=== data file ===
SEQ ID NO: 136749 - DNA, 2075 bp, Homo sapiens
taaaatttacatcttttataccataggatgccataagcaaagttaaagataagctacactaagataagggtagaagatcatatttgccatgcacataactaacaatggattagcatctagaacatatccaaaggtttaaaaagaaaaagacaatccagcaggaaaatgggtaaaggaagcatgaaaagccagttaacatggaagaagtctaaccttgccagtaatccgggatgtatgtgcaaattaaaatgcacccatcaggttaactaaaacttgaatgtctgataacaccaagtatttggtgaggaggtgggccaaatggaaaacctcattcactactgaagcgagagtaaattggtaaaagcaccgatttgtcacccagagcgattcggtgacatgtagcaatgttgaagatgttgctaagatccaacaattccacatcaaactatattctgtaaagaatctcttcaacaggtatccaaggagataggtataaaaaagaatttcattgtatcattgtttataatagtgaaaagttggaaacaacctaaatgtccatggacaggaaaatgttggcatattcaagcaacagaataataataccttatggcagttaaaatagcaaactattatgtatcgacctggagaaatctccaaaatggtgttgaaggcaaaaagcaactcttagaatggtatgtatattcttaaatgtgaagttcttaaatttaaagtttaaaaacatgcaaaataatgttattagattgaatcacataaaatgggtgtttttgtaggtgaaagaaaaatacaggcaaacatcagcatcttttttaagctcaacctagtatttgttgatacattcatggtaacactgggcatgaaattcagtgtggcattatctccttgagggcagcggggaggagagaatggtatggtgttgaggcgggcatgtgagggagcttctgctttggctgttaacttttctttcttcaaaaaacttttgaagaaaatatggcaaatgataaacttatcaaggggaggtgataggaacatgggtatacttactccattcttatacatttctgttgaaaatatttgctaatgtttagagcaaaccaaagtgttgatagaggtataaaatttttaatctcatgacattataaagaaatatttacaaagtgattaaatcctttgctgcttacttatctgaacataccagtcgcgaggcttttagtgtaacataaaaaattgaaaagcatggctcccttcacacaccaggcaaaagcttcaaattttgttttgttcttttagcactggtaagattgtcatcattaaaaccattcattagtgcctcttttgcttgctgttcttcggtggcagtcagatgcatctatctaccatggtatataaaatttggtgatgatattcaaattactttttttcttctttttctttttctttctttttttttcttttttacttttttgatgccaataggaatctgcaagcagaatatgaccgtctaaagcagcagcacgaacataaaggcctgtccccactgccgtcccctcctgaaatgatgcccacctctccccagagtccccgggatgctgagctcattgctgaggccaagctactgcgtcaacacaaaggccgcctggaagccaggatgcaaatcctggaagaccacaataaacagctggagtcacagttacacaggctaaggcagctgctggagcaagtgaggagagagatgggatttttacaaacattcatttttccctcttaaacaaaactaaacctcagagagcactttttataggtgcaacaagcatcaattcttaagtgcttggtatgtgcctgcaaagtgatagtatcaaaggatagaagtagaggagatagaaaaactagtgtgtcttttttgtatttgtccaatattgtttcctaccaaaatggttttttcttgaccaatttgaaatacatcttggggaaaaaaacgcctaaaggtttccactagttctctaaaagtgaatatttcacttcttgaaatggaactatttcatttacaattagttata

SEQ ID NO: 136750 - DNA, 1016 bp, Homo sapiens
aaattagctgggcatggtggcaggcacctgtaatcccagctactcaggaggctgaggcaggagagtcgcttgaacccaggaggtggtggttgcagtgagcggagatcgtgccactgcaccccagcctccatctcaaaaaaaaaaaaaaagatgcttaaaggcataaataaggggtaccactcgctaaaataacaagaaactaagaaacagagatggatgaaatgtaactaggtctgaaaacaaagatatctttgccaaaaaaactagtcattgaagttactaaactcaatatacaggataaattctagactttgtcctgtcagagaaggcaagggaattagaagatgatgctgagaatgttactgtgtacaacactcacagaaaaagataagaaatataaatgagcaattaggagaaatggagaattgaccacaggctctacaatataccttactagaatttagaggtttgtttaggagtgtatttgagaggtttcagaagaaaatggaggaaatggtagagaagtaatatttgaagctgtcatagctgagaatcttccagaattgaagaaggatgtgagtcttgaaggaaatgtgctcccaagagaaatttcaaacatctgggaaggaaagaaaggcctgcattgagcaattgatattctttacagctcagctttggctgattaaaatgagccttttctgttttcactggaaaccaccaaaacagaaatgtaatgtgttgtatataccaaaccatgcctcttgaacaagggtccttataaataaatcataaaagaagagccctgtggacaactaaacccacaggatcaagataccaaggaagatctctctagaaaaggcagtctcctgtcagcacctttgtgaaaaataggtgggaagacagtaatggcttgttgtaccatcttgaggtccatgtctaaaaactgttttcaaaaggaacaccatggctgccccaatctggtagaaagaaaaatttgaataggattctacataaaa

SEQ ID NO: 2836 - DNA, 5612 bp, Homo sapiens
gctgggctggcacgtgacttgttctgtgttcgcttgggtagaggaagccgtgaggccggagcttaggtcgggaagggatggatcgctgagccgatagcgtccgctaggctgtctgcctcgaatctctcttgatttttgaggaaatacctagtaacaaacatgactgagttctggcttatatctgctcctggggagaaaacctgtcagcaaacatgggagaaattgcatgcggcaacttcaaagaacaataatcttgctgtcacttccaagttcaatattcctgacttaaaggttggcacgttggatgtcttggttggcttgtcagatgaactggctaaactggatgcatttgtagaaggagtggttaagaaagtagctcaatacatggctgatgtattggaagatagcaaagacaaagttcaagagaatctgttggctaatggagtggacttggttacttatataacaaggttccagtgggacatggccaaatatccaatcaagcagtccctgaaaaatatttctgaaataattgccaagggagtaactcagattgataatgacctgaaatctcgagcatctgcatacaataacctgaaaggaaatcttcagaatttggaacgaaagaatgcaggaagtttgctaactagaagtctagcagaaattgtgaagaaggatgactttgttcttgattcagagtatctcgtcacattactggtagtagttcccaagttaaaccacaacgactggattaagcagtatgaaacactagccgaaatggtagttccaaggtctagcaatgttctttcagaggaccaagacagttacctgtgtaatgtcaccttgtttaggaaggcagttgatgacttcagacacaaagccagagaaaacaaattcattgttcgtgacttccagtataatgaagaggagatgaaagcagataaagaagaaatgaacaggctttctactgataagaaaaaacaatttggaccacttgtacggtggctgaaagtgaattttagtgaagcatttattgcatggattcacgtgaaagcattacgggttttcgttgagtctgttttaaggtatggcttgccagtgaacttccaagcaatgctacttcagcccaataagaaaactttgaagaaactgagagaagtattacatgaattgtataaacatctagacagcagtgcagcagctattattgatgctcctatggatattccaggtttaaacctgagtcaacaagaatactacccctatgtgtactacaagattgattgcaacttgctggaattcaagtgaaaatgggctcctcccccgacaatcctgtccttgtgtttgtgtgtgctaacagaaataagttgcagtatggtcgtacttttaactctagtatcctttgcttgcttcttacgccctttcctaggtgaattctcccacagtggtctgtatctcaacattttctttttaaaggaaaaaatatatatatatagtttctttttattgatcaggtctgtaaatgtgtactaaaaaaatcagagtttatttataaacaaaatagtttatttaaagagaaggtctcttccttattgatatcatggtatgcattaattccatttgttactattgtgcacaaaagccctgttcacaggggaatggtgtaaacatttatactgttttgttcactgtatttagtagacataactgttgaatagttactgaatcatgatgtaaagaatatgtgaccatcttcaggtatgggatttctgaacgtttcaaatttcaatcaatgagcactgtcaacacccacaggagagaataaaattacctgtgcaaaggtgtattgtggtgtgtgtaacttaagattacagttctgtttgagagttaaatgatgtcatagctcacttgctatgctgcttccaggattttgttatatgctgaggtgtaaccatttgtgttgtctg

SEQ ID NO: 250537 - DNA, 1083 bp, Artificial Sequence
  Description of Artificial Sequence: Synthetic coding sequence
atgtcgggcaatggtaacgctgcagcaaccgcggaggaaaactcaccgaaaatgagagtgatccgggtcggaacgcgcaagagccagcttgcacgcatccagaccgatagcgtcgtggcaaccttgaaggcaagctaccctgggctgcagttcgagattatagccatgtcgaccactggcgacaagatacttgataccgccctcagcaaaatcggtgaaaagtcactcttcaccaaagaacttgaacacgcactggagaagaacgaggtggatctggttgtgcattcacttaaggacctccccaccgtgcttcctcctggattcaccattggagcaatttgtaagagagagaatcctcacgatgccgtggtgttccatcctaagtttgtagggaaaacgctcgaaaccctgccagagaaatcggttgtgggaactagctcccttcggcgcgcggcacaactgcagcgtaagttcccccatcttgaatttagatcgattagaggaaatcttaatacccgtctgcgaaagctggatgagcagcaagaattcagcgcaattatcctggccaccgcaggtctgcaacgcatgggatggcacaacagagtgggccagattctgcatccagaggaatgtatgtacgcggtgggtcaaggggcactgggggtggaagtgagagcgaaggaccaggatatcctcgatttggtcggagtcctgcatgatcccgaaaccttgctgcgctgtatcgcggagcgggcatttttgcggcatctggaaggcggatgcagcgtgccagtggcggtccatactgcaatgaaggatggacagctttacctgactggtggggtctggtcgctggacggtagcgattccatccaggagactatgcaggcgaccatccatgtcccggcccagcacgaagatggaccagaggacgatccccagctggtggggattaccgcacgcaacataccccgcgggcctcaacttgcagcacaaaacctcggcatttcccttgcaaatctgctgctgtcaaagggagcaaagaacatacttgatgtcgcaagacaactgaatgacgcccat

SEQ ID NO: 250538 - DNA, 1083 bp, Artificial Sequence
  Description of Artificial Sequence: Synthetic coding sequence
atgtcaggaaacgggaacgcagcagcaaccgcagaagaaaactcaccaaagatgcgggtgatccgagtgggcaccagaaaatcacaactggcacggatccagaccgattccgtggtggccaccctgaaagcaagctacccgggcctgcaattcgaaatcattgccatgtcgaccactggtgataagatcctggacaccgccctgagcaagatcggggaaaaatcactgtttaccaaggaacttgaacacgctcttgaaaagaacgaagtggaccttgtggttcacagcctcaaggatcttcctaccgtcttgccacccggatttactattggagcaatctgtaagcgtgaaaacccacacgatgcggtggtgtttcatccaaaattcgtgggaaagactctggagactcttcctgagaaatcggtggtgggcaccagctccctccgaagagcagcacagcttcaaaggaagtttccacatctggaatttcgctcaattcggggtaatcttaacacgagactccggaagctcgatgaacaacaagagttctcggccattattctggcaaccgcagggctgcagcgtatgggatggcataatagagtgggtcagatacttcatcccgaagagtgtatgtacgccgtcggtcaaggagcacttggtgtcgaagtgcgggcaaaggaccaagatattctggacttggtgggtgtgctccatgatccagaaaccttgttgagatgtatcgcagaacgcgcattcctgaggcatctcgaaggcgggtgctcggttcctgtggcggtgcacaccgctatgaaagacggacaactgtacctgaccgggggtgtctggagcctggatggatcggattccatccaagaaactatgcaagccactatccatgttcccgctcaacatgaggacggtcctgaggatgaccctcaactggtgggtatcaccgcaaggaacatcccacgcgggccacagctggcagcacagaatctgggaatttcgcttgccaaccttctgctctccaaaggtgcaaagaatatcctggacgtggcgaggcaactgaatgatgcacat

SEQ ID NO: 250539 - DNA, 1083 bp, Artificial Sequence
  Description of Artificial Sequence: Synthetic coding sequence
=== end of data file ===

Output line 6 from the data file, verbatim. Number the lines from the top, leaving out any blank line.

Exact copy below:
gctgggctggcacgtgacttgttctgtgttcgcttgggtagaggaagccgtgaggccggagcttaggtcgggaagggatggatcgctgagccgatagcgtccgctaggctgtctgcctcgaatctctcttgatttttgaggaaatacctagtaacaaacatgactgagttctggcttatatctgctcctggggagaaaacctgtcagcaaacatgggagaaattgcatgcggcaacttcaaagaacaataatcttgctgtcacttccaagttcaatattcctgacttaaaggttggcacgttggatgtcttggttggcttgtcagatgaactggctaaactggatgcatttgtagaaggagtggttaagaaagtagctcaatacatggctgatgtattggaagatagcaaagacaaagttcaagagaatctgttggctaatggagtggacttggttacttatataacaaggttccagtgggacatggccaaatatccaatcaagcagtccctgaaaaatatttctgaaataattgccaagggagtaactcagattgataatgacctgaaatctcgagcatctgcatacaataacctgaaaggaaatcttcagaatttggaacgaaagaatgcaggaagtttgctaactagaagtctagcagaaattgtgaagaaggatgactttgttcttgattcagagtatctcgtcacattactggtagtagttcccaagttaaaccacaacgactggattaagcagtatgaaacactagccgaaatggtagttccaaggtctagcaatgttctttcagaggaccaagacagttacctgtgtaatgtcaccttgtttaggaaggcagttgatgacttcagacacaaagccagagaaaacaaattcattgttcgtgacttccagtataatgaagaggagatgaaagcagataaagaagaaatgaacaggctttctactgataagaaaaaacaatttggaccacttgtacggtggctgaaagtgaattttagtgaagcatttattgcatggattcacgtgaaagcattacgggttttcgttgagtctgttttaaggtatggcttgccagtgaacttccaagcaatgctacttcagcccaataagaaaactttgaagaaactgagagaagtattacatgaattgtataaacatctagacagcagtgcagcagctattattgatgctcctatggatattccaggtttaaacctgagtcaacaagaatactacccctatgtgtactacaagattgattgcaacttgctggaattcaagtgaaaatgggctcctcccccgacaatcctgtccttgtgtttgtgtgtgctaacagaaataagttgcagtatggtcgtacttttaactctagtatcctttgcttgcttcttacgccctttcctaggtgaattctcccacagtggtctgtatctcaacattttctttttaaaggaaaaaatatatatatatagtttctttttattgatcaggtctgtaaatgtgtactaaaaaaatcagagtttatttataaacaaaatagtttatttaaagagaaggtctcttccttattgatatcatggtatgcattaattccatttgttactattgtgcacaaaagccctgttcacaggggaatggtgtaaacatttatactgttttgttcactgtatttagtagacataactgttgaatagttactgaatcatgatgtaaagaatatgtgaccatcttcaggtatgggatttctgaacgtttcaaatttcaatcaatgagcactgtcaacacccacaggagagaataaaattacctgtgcaaaggtgtattgtggtgtgtgtaacttaagattacagttctgtttgagagttaaatgatgtcatagctcacttgctatgctgcttccaggattttgttatatgctgaggtgtaaccatttgtgttgtctg